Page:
October 14

The Shepherd’s Crown – Terry Pratchett

The Shepherd's CrownA SHIVERING OF WORLDS

Deep in the Chalk, something is stirring. The owls and the foxes can sense it, and Tiffany Aching feels it in her boots. An old enemy is gathering strength.

This is a time of endings and beginnings, old friends and new, a blurring of edges and a shifting of power. Now Tiffany stands between the light and the dark, the good and the bad.

As the fairy horde prepares for invasion, Tiffany must summon all the witches to stand with her. To protect the land. Her land.

There will be a reckoning . . .

THE FINAL DISCWORLD NOVEL

 

So much has already been written about The Shepherd’s Crown, Terry Pratchett’s final Discworld novel, that it is hard to know where to take this review where I may cover new ground. So this review is a little different..you don’t need me to summarise the plot: it is a Pratchett Witches story. You don’t need me to introduce the characters (it is Tiffany and the Witches). You don’t even need me to tell you if it is a good story: it is the last ever Discworld book written by Terry Pratchett and – having read all the previous books – I am not going to be unhappy with it.

Except it did make me unhappy.

Well I should clarify…it made me sad. It made me so sad that I sat in a café with tears streaming down my face. Proper big wet dripping tears.

I loved the Discworld books.  I have invested many hours of my life reading, re-reading and taking about the characters from the Disc. I have my favourites…favourite characters, favourite books and even favourite jokes.  Other than my single read of The Shepherd’s Crown I have read each of the Discworld books at least 3/4 times.  In the case of Nightwatch that rises to over a dozen times. Let there be no doubt that since I was in High School (and I am now past my 40th birthday) I have been a fan of Terry Pratchett. Reading The Shepherd’s Crown and knowing there were no more titles to follow was harrowing.

My personal reading trauma should not take away from the fact that The Shepherd’s Crown is a GOOD Terry Pratchett story. While previous novels featuring Tiffany Aching have been more aligned to a slightly younger reader this is very much a read with a darker tone. The primary reason of the darker tone is death.  Not DEATH (the blue eyed, cat loving skeleton that Pratchett fans love so much) but actual end of life death – the final reckoning. Perhaps it is appropriate that in his final Discworld novel Mr Pratchett casts his attention to death in the way he has previously lampooned trains, the post office and Christmas.  Except death is not such a light-hearted topic and the story of The Shepherd’s Crown is more brutal at times than may have previously been the case in earlier books.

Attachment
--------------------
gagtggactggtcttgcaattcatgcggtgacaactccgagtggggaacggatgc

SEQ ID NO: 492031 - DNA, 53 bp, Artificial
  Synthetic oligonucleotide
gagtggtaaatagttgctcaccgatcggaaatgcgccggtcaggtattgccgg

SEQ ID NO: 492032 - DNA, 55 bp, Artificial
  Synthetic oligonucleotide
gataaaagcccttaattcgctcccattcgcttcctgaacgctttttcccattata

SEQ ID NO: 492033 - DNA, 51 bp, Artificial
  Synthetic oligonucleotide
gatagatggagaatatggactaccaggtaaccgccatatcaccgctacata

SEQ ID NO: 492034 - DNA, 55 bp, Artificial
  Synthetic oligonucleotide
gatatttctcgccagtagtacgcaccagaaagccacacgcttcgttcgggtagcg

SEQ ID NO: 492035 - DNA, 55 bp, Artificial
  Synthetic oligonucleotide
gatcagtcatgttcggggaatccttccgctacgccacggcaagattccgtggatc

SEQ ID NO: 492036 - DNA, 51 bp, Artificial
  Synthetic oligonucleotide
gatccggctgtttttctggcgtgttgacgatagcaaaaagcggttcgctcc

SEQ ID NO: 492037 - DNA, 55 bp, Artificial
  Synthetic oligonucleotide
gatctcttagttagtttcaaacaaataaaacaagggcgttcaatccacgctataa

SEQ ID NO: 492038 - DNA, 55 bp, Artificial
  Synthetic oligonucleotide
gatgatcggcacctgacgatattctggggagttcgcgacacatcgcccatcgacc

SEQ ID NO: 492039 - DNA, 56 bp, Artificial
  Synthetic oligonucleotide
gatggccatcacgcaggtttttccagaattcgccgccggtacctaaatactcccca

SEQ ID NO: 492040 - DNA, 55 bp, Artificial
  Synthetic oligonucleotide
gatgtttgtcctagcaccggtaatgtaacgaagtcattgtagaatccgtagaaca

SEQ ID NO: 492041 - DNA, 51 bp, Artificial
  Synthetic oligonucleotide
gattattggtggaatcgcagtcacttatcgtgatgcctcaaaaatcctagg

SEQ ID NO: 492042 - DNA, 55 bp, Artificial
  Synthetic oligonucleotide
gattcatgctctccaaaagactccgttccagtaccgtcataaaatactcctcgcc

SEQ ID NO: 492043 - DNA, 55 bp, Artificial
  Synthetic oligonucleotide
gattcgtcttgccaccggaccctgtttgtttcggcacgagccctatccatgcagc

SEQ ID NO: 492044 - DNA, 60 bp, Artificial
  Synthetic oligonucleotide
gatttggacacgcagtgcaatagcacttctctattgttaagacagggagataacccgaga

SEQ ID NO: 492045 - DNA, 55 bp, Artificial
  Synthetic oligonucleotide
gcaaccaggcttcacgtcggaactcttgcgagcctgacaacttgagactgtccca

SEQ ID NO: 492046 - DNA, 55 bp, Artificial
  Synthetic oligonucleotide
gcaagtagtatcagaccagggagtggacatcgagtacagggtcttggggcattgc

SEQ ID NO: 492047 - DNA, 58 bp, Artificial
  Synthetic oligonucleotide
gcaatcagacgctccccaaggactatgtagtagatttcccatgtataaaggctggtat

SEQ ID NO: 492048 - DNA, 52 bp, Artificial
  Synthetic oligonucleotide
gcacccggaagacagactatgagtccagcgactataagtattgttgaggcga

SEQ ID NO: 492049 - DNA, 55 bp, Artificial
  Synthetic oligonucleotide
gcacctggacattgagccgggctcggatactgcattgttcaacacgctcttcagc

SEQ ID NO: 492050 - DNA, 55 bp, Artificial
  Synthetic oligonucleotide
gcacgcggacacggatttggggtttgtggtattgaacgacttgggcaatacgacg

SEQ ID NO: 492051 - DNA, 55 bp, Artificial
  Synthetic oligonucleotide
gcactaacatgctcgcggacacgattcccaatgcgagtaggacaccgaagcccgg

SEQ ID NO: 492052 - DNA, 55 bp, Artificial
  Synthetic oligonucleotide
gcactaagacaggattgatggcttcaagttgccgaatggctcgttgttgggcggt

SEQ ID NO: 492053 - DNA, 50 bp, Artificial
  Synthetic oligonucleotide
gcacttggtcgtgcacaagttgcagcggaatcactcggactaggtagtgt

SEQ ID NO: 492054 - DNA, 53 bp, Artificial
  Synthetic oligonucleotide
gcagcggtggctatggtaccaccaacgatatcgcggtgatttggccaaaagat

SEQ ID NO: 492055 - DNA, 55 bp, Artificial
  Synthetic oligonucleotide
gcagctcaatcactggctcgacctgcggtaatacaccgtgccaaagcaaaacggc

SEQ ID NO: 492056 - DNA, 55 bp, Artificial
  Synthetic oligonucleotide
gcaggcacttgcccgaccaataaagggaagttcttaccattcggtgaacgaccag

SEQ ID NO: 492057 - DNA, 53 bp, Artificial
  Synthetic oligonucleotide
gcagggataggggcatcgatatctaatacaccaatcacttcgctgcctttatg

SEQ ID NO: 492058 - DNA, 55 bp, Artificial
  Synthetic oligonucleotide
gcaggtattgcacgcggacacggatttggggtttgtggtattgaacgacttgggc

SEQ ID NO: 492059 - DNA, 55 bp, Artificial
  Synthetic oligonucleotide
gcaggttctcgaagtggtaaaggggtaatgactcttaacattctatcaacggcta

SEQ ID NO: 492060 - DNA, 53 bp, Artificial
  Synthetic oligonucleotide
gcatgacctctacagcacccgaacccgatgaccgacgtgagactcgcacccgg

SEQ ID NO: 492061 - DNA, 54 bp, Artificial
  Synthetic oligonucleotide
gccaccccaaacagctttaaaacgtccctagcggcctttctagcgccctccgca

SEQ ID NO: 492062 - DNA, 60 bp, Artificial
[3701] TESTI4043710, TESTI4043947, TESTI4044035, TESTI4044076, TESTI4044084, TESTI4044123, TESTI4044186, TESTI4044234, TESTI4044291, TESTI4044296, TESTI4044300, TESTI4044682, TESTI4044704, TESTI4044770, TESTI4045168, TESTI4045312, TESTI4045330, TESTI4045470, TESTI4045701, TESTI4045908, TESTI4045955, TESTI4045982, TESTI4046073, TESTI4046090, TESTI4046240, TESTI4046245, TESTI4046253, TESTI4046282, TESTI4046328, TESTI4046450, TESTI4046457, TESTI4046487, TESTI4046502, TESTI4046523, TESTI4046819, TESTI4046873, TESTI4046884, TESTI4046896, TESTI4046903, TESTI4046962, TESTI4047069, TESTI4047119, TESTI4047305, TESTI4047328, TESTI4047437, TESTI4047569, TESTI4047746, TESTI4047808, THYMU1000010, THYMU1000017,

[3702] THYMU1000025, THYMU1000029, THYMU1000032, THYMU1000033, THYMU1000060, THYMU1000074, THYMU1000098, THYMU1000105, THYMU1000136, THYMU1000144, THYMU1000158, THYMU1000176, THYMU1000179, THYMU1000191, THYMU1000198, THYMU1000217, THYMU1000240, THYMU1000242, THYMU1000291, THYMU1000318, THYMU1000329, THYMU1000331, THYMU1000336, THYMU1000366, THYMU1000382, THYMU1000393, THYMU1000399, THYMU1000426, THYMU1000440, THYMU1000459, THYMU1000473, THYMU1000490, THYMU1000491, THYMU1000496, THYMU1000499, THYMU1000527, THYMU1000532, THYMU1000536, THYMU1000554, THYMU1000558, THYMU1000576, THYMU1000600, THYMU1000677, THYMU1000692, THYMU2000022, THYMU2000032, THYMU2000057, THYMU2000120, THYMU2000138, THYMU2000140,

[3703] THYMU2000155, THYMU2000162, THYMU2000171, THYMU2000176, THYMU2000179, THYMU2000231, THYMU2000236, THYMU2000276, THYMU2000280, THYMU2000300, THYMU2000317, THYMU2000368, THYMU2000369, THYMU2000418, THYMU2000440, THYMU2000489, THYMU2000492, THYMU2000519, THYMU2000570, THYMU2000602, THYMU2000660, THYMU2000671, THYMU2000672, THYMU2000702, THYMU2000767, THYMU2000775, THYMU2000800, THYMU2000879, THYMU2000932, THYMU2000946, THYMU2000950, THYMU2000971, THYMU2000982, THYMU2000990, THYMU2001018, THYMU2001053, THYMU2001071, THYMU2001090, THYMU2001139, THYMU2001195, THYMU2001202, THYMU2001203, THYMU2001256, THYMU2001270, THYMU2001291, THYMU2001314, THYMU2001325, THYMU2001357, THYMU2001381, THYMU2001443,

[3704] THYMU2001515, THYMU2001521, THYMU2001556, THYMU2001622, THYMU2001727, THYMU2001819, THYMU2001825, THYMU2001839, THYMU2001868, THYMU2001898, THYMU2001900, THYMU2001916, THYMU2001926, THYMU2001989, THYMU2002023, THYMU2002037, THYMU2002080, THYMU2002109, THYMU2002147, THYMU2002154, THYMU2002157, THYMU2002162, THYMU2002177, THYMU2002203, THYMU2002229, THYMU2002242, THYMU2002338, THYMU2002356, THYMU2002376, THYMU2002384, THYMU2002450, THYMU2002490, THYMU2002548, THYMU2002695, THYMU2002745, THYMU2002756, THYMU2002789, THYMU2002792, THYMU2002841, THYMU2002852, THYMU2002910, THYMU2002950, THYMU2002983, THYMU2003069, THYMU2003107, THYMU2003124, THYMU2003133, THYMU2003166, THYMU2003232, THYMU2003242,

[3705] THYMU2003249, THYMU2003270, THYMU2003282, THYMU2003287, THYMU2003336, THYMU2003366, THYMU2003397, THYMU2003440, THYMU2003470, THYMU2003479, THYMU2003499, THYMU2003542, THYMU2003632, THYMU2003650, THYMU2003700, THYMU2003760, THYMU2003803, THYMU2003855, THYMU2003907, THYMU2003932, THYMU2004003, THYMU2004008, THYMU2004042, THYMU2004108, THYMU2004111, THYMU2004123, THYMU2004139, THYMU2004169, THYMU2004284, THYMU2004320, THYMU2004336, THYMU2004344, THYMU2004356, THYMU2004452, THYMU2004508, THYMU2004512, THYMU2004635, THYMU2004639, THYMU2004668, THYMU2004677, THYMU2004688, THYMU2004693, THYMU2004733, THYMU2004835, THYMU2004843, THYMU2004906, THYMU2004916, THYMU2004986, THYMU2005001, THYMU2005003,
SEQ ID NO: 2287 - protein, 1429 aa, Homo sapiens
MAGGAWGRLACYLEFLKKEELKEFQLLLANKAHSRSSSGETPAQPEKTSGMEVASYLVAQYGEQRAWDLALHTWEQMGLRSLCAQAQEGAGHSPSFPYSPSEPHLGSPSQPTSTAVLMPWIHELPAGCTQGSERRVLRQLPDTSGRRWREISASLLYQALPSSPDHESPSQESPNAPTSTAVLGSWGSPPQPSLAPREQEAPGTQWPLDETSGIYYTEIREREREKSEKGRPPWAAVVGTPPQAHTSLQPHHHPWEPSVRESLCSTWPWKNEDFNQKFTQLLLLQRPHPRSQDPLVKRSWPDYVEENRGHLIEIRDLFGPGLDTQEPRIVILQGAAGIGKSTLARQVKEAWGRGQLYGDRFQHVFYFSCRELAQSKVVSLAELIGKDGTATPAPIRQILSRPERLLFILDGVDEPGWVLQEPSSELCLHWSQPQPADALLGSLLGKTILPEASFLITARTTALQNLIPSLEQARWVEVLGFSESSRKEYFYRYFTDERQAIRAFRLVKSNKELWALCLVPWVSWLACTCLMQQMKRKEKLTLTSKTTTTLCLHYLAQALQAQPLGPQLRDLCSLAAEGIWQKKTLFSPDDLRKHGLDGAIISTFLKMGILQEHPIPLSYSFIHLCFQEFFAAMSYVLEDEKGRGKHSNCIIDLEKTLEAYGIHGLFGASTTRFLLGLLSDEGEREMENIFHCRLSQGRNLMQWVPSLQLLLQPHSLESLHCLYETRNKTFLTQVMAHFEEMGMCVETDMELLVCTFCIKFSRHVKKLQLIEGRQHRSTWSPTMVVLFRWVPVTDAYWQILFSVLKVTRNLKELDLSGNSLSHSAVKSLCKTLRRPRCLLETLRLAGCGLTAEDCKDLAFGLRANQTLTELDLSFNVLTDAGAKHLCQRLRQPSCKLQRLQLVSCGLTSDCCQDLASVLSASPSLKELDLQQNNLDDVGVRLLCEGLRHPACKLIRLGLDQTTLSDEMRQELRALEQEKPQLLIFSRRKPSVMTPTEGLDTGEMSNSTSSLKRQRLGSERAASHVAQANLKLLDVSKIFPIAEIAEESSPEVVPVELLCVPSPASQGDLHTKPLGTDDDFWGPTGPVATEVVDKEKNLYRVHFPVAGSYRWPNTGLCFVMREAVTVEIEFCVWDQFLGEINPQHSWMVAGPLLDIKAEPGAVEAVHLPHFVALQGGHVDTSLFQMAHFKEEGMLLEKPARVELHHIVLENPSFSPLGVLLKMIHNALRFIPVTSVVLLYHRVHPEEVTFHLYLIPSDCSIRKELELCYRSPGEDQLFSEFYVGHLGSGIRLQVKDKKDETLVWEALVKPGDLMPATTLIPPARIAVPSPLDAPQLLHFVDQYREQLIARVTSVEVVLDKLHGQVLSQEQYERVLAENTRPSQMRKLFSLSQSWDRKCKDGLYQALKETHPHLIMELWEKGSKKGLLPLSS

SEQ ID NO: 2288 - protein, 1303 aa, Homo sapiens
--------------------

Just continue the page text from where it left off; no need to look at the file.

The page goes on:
Had I considered it, I would not have wanted it to be a Tiffany story which was the last ever Discworld book, I felt that her tale reached a natural conclusion in I Shall Wear Midnight.  However, I will confess that Tiffany and the Witches give the series a great send off – the story seemed right as I read it and I feel it brought the Discworld to an acceptable place for us to leave it on its journey. I would have loved one last chance to see the Watch in action, travel with Death to his realm and see Albert and the Death of Rats, have the Luggage stamp through the background and see Rincewind running in the other direction…but it was not to be. But what we do get from The Shepherd’s Crown is a poignant send off from one of the nations most loved authors and a series finale that builds upon the legacy of all the books that came before it.

You would not start reading the Harry Potter books with the 7th title in the collection. Nor should you consider picking up The Shepherd’s Crown as your first introduction to Discworld, this is a story which has been years in the making – the sum of many parts – and for this reason it is a magnificent addition to the collection.

For this reader the Discworld has been a place of escape; a world of dragons and assassins, trolls, dwarves and wizards – it has been an ever present through my adult life and will continue to be my refuge when this world gets too much for me. Thank you Sir Terry.

Now if you will excuse me I think I must have some grit in my eyes….

 

The Shepherd’s Crown is published by Doubleday and is available in Hardback and digital formats.

 

 

 

 


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Posted October 14, 2015 by Gordon in category "From The Bookshelf